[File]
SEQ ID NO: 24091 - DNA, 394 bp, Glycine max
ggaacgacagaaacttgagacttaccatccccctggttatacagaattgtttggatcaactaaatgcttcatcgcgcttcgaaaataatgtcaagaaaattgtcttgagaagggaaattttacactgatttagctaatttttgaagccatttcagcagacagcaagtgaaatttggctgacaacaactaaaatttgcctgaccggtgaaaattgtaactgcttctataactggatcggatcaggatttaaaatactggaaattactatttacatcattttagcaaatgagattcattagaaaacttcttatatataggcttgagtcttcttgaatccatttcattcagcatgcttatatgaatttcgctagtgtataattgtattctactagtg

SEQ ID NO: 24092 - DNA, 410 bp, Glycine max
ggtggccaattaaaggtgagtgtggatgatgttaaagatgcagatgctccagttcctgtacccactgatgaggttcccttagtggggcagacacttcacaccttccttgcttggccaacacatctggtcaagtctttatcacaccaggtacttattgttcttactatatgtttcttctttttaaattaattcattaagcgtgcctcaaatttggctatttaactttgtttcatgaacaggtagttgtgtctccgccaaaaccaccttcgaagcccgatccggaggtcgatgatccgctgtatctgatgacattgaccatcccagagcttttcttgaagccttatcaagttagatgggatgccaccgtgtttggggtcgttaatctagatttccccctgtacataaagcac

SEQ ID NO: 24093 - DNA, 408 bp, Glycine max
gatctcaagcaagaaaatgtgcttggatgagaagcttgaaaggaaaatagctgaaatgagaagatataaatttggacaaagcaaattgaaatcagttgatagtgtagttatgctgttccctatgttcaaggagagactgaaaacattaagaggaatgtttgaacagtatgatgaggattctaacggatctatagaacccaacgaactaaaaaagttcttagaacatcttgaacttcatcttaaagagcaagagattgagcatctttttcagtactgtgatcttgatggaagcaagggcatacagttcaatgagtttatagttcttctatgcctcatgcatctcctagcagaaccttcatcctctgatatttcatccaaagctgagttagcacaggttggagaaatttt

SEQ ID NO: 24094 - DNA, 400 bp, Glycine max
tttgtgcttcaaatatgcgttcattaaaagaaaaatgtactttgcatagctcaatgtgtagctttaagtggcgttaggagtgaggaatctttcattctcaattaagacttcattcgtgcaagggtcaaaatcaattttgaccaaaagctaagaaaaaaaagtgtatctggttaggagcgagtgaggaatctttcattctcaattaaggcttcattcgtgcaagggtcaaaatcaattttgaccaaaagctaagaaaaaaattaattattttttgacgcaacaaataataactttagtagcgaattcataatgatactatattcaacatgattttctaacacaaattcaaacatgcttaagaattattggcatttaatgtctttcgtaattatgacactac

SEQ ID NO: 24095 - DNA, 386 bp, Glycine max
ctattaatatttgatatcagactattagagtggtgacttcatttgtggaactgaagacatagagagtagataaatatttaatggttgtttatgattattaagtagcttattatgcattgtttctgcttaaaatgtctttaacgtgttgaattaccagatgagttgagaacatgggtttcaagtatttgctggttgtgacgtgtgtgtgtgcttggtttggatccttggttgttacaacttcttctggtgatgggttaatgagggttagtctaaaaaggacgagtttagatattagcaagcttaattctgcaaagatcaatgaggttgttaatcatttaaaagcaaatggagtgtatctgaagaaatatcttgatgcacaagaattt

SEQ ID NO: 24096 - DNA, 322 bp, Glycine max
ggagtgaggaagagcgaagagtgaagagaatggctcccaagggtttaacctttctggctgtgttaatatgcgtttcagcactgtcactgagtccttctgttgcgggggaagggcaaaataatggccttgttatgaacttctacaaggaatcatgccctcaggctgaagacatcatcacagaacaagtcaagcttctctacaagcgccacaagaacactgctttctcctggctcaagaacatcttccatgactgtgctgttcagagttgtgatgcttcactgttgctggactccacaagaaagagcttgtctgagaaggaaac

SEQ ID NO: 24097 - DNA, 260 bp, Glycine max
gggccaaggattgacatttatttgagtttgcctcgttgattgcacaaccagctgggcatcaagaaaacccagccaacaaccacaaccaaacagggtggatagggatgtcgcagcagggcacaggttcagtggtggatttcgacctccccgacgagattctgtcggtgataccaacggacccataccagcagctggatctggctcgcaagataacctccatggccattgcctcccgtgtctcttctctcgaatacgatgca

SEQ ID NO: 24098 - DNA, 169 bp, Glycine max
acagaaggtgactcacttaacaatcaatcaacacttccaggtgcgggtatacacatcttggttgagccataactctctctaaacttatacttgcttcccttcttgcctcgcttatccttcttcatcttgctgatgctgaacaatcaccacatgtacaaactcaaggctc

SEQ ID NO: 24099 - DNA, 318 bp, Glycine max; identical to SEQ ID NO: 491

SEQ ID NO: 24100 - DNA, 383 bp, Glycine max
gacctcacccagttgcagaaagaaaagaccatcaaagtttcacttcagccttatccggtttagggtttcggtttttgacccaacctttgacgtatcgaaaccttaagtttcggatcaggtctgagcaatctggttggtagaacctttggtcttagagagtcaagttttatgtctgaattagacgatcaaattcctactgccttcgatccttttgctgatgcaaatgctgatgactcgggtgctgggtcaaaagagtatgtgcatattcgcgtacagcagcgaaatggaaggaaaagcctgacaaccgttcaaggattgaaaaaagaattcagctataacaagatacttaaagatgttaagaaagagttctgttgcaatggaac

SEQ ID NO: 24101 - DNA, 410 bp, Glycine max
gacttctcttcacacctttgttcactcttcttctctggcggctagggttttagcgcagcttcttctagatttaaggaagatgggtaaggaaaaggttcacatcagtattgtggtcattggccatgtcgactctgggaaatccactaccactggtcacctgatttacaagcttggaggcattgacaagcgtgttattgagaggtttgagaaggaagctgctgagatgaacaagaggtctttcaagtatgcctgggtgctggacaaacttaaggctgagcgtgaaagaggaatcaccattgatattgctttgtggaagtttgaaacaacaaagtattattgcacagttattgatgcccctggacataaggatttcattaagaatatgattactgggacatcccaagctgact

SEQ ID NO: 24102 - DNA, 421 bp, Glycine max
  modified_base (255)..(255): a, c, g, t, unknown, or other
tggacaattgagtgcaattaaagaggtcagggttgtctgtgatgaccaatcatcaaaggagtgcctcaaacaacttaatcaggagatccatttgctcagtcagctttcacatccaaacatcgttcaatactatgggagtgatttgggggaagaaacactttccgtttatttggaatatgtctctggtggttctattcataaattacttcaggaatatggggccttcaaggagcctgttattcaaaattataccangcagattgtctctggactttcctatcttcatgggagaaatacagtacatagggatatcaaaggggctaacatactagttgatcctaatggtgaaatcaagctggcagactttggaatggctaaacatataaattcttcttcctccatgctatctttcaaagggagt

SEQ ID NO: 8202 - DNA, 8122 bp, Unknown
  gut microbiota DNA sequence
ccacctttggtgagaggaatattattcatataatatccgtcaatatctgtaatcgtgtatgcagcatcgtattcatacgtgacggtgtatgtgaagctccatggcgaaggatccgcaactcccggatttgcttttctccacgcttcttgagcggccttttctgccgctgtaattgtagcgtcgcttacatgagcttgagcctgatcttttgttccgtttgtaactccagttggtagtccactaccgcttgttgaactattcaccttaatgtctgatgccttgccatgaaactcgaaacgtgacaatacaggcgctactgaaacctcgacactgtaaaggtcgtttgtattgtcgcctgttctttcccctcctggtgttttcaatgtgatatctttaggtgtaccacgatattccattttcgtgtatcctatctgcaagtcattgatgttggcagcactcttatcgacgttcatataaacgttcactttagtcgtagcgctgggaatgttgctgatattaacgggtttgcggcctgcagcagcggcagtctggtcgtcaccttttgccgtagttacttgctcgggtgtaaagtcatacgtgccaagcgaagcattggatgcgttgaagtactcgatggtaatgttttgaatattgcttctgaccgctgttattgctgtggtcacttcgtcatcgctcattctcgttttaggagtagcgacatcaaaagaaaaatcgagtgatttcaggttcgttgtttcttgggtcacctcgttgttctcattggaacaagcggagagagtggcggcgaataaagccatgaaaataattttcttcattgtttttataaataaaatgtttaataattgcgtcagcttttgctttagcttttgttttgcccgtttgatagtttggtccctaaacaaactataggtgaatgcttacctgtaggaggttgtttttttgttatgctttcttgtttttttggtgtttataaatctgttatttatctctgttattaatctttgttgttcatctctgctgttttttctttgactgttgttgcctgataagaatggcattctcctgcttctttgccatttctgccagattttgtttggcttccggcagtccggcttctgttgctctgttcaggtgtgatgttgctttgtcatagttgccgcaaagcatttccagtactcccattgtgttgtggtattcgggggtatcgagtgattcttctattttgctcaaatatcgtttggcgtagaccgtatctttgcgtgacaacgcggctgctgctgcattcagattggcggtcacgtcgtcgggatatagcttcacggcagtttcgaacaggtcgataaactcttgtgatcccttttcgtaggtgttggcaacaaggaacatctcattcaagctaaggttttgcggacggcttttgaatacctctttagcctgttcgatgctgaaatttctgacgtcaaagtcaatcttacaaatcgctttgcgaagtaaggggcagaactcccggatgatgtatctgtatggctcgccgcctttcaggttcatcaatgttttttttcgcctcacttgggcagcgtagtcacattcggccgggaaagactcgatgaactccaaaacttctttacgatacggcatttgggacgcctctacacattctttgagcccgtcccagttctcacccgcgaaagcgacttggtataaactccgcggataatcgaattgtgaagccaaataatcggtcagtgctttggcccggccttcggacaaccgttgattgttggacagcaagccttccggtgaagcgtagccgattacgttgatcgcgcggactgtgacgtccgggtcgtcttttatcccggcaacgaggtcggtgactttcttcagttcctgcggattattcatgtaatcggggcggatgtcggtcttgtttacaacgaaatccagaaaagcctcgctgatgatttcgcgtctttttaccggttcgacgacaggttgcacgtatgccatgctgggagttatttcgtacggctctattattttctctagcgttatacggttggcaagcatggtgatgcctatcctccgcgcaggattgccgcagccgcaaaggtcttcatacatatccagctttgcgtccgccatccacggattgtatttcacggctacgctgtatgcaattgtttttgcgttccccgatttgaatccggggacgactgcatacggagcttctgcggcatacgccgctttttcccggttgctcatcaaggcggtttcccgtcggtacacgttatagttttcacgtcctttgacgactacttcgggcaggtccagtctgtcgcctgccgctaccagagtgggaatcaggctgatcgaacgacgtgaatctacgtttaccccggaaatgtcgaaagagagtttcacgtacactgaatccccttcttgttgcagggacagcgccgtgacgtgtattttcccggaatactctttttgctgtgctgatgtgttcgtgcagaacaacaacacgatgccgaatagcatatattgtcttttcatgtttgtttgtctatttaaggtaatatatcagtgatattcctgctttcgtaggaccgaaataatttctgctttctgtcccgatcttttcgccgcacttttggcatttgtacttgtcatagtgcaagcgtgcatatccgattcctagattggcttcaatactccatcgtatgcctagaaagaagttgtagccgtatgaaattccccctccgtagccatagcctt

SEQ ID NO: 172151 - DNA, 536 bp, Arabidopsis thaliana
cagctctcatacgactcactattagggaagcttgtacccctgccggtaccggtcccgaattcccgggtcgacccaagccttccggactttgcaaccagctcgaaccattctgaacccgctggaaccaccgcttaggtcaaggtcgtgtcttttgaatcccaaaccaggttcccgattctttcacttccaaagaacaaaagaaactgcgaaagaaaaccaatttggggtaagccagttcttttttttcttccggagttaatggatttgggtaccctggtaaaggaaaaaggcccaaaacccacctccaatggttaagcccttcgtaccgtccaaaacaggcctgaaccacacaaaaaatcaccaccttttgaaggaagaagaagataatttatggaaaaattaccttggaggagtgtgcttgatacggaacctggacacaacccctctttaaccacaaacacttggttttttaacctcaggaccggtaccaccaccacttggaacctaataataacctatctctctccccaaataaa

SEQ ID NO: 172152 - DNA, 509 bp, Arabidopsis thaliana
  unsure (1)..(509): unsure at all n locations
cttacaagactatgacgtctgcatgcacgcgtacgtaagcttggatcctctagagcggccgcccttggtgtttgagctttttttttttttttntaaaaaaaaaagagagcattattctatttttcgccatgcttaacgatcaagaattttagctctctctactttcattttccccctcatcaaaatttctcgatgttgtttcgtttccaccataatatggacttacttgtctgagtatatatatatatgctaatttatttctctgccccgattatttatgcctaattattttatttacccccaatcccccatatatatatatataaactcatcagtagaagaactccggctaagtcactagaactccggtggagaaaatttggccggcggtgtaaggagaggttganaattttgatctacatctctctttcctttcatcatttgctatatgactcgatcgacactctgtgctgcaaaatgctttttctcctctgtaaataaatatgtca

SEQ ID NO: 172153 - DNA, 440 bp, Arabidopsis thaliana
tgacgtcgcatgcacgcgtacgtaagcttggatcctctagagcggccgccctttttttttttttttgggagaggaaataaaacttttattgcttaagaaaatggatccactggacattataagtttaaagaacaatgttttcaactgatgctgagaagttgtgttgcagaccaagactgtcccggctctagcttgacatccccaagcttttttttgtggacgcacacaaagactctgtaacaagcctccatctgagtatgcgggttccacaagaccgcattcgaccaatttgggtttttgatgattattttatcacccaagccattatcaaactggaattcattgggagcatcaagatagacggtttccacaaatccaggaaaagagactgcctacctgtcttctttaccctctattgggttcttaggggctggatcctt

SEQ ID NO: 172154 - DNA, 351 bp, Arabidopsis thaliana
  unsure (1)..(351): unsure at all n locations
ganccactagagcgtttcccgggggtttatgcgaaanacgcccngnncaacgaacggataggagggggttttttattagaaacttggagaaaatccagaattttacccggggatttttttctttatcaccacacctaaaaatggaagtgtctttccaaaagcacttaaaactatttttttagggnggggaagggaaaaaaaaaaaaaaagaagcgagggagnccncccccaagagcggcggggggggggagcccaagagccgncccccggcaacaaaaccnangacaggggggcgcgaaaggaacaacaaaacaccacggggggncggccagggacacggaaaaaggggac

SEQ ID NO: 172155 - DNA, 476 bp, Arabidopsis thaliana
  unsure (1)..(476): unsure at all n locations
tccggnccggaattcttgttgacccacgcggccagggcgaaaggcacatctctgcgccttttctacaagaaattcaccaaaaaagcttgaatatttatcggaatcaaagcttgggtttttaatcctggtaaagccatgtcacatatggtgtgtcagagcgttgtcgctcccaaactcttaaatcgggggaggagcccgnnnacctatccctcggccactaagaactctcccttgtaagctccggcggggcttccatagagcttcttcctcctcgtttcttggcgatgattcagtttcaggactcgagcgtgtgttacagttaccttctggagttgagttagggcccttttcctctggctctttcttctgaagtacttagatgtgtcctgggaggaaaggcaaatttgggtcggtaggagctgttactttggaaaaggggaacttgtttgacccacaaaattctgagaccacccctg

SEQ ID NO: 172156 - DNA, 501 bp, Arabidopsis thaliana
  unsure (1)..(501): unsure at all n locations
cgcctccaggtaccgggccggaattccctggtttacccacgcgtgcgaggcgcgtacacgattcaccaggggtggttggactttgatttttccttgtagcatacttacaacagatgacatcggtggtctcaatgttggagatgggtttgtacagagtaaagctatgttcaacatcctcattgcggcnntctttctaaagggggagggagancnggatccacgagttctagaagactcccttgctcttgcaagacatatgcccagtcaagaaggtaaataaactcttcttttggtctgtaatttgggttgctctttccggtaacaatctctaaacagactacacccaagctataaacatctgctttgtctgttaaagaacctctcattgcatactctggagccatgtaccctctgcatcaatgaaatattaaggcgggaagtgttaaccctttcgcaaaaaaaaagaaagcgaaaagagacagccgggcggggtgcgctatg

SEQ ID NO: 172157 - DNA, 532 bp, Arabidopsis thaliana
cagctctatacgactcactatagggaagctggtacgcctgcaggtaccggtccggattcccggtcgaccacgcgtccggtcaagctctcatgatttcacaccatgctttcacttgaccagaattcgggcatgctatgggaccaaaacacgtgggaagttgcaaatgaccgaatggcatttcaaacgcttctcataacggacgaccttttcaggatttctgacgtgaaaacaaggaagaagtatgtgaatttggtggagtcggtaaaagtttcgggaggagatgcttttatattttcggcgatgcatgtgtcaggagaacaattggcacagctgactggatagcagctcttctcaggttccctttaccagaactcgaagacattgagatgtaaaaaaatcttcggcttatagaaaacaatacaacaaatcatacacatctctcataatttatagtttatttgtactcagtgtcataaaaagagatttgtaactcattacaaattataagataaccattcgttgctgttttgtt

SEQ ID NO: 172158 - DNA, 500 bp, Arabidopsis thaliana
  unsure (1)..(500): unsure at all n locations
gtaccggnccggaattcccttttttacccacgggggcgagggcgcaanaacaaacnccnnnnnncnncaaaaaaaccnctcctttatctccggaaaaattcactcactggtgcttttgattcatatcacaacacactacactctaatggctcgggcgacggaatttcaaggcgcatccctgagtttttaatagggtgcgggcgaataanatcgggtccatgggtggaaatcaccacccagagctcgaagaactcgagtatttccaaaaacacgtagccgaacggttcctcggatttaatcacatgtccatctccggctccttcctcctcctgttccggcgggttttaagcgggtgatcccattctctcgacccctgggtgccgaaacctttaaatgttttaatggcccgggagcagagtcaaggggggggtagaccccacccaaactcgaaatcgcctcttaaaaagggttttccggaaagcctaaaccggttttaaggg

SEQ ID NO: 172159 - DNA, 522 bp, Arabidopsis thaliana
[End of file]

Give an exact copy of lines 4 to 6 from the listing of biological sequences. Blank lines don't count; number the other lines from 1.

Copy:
ggtggccaattaaaggtgagtgtggatgatgttaaagatgcagatgctccagttcctgtacccactgatgaggttcccttagtggggcagacacttcacaccttccttgcttggccaacacatctggtcaagtctttatcacaccaggtacttattgttcttactatatgtttcttctttttaaattaattcattaagcgtgcctcaaatttggctatttaactttgtttcatgaacaggtagttgtgtctccgccaaaaccaccttcgaagcccgatccggaggtcgatgatccgctgtatctgatgacattgaccatcccagagcttttcttgaagccttatcaagttagatgggatgccaccgtgtttggggtcgttaatctagatttccccctgtacataaagcac

SEQ ID NO: 24093 - DNA, 408 bp, Glycine max
gatctcaagcaagaaaatgtgcttggatgagaagcttgaaaggaaaatagctgaaatgagaagatataaatttggacaaagcaaattgaaatcagttgatagtgtagttatgctgttccctatgttcaaggagagactgaaaacattaagaggaatgtttgaacagtatgatgaggattctaacggatctatagaacccaacgaactaaaaaagttcttagaacatcttgaacttcatcttaaagagcaagagattgagcatctttttcagtactgtgatcttgatggaagcaagggcatacagttcaatgagtttatagttcttctatgcctcatgcatctcctagcagaaccttcatcctctgatatttcatccaaagctgagttagcacaggttggagaaatttt